A puppeteering student may take creative liberties while performing as a dalang—especially to ensure that those in the audience understand the moral values that are being delivered. Today, not many young people understand the Javanese language used in wayang performances. “The dialogue is in krama inggil (high Javanese), the highest level of Javanese language,” said Suwarno.
Because of the language barrier, a dalang must explain the story and moral values in creative ways. A young dalang may, for example, use current analogies or get closer to the audience by inserting stories or moral values in the punakawan (humorous) scene, also known as the gara-gara scene.
To hone its students’ abilities, Sanggar Takir holds a parade every October, and all students are given the opportunity to perform.
Puppeteer class for children at the Sanggar Padaka Nusa in Malang. TEMPO/Aris Novia Hidayat
Because he has been teaching for such a long time, Suwarno has had a hand in producing many dalang, among others, Ki Ardhi Purbo Antono, who was chosen as the 2009 Indonesian Young Pioneer.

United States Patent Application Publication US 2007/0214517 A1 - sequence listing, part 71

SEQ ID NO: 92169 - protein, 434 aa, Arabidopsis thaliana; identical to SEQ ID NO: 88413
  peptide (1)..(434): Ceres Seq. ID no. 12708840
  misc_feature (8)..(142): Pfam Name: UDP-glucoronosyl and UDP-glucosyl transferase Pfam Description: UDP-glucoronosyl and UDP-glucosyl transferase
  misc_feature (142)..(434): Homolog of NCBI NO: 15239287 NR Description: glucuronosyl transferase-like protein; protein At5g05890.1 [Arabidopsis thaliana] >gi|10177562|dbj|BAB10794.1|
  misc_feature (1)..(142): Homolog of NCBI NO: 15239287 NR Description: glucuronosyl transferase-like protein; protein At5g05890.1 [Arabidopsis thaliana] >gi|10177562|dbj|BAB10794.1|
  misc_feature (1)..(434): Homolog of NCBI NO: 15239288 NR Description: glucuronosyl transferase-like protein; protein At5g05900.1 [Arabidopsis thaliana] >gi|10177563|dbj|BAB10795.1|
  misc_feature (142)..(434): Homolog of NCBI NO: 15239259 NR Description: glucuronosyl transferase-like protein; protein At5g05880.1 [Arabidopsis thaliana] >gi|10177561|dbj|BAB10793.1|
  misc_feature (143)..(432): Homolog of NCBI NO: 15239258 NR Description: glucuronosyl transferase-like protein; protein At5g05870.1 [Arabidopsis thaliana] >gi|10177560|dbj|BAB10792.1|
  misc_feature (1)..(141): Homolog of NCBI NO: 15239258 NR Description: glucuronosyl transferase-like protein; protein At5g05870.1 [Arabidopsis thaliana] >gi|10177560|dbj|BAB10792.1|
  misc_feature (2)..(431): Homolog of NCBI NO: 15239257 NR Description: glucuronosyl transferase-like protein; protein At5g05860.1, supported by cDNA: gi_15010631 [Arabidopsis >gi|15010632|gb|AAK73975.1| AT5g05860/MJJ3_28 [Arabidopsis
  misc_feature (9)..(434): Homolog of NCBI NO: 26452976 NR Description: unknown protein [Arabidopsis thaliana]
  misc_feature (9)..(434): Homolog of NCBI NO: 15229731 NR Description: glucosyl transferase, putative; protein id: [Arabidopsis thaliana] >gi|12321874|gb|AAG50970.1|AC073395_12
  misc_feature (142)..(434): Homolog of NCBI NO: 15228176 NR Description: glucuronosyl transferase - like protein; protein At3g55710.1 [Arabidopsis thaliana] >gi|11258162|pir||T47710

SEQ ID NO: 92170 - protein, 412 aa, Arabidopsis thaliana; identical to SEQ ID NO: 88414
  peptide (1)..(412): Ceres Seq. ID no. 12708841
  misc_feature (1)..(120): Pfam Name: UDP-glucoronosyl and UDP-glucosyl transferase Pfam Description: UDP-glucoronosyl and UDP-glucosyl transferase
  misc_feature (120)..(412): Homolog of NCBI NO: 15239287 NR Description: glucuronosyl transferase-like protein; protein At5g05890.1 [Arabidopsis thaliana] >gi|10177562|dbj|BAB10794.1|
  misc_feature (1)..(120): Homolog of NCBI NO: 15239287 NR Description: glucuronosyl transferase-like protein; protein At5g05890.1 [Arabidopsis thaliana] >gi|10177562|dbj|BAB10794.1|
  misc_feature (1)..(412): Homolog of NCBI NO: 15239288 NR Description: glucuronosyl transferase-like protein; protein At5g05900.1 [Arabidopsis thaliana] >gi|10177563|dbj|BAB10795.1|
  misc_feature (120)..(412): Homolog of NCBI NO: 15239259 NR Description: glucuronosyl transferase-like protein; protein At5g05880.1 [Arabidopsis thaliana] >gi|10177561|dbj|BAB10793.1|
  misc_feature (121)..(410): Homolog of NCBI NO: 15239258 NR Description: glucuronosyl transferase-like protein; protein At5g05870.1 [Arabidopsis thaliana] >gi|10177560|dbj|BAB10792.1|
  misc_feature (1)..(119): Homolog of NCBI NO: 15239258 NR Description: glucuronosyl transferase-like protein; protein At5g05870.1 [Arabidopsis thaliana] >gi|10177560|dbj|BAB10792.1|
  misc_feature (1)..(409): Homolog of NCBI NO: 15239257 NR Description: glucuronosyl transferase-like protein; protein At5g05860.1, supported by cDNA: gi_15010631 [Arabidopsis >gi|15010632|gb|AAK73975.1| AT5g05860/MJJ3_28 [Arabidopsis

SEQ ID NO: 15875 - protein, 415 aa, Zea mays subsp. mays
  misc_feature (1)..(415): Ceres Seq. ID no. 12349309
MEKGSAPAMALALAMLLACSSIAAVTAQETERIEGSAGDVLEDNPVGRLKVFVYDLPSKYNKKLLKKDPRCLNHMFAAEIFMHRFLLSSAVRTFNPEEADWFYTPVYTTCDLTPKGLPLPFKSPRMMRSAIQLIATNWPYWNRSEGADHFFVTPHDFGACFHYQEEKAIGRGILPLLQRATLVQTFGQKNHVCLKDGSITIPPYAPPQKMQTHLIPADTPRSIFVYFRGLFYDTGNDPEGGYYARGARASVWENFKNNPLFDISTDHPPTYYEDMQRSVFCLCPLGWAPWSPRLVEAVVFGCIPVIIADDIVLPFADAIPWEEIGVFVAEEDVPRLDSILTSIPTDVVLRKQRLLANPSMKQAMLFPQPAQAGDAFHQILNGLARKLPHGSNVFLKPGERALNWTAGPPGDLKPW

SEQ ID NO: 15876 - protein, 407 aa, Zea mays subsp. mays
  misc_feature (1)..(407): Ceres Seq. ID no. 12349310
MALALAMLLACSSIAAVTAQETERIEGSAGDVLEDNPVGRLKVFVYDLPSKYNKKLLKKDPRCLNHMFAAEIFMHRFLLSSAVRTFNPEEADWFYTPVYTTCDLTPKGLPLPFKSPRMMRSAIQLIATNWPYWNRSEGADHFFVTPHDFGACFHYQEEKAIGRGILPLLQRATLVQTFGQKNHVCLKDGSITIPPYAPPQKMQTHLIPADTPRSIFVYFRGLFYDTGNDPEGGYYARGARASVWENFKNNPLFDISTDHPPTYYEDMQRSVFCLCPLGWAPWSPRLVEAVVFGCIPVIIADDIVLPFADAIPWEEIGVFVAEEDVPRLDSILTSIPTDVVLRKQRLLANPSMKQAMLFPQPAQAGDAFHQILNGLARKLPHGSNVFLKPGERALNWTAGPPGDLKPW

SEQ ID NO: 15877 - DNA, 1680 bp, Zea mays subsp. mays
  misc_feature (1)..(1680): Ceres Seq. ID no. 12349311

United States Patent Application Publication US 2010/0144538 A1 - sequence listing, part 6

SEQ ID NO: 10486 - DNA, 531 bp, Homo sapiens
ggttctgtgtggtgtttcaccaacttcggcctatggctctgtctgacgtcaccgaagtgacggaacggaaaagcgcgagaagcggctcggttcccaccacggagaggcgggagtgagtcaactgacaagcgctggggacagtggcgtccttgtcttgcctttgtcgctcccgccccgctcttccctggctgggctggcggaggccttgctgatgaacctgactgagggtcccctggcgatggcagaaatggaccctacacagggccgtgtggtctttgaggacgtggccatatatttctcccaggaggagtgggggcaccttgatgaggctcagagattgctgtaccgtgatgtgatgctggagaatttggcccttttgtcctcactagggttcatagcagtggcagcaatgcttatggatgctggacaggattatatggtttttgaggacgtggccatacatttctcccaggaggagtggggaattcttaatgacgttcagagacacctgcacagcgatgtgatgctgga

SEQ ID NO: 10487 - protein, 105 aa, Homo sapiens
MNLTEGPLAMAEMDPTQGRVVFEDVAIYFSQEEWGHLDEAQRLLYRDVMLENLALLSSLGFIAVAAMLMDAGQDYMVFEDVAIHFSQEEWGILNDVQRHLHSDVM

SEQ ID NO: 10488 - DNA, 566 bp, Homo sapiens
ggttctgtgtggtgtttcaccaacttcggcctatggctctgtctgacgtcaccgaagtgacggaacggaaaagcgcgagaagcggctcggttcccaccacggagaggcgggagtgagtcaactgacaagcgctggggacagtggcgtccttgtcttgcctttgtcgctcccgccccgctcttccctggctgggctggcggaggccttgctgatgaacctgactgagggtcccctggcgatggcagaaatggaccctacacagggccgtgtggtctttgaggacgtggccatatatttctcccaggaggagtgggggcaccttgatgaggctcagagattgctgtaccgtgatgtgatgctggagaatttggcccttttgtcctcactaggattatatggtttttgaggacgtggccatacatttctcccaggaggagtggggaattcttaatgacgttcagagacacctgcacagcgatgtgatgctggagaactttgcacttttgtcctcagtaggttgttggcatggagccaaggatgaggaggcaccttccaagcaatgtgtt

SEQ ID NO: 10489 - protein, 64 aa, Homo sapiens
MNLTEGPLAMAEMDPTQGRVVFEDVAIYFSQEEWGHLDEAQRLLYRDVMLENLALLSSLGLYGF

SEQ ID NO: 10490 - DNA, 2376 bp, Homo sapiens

Ki Ardi became acquainted with wayang theater by coincidence. He learned karate while still in elementary school. At the same time, a group of students would practice performing the wayang. Young Ardi was intrigued by the sound of gamelan, karawitan and the performances of young puppeteers at Sanggar Senaputra, not far from where he practiced karate. “(I) quit karate and practiced puppeteering instead,” said the 38-year-old man.
But his career as a shadow puppeteer did not go smoothly. Although his father is a painter and would often take him to watch wayang performances, he did not allow Ki Ardi to continue his training at the Karawitan School in Surakarta. He wanted Ardi to continue his studies in Malang. But because of Ki Ardi’s passion, he continued to learn the art of puppeteering with Suwarno during his high school years. He also kept studying wayang as a dance major student at the Malang State University.
In the end, Ardhi did receive acknowledgment for his work as a dalang. He has received numerous invitations to perform as a puppeteer in various regions and still does to this day. He hopes that wayang will always be performed and that children can learn puppeteering since an early age. “If not us, then who?” he said.